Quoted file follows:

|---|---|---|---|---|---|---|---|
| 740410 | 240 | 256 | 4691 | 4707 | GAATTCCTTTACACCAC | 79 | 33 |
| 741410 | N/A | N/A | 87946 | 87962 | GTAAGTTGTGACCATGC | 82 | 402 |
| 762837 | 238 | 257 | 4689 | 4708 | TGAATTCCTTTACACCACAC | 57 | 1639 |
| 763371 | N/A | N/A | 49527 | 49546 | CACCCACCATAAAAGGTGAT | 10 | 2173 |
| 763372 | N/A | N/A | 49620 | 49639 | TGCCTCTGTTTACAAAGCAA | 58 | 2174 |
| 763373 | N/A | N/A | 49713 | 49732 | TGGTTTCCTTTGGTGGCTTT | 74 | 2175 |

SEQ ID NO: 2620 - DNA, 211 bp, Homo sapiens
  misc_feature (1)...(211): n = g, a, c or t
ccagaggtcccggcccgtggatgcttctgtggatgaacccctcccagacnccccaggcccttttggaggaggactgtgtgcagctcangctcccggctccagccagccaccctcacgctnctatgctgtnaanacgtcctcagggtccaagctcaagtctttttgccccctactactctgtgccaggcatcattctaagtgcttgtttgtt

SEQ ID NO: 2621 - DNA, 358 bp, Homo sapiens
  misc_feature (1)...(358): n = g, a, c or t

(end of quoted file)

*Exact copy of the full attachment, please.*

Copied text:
|---|---|---|---|---|---|---|---|
| 740410 | 240 | 256 | 4691 | 4707 | GAATTCCTTTACACCAC | 79 | 33 |
| 741410 | N/A | N/A | 87946 | 87962 | GTAAGTTGTGACCATGC | 82 | 402 |
| 762837 | 238 | 257 | 4689 | 4708 | TGAATTCCTTTACACCACAC | 57 | 1639 |
| 763371 | N/A | N/A | 49527 | 49546 | CACCCACCATAAAAGGTGAT | 10 | 2173 |
| 763372 | N/A | N/A | 49620 | 49639 | TGCCTCTGTTTACAAAGCAA | 58 | 2174 |
| 763373 | N/A | N/A | 49713 | 49732 | TGGTTTCCTTTGGTGGCTTT | 74 | 2175 |

SEQ ID NO: 2620 - DNA, 211 bp, Homo sapiens
  misc_feature (1)...(211): n = g, a, c or t
ccagaggtcccggcccgtggatgcttctgtggatgaacccctcccagacnccccaggcccttttggaggaggactgtgtgcagctcangctcccggctccagccagccaccctcacgctnctatgctgtnaanacgtcctcagggtccaagctcaagtctttttgccccctactactctgtgccaggcatcattctaagtgcttgtttgtt

SEQ ID NO: 2621 - DNA, 358 bp, Homo sapiens
  misc_feature (1)...(358): n = g, a, c or t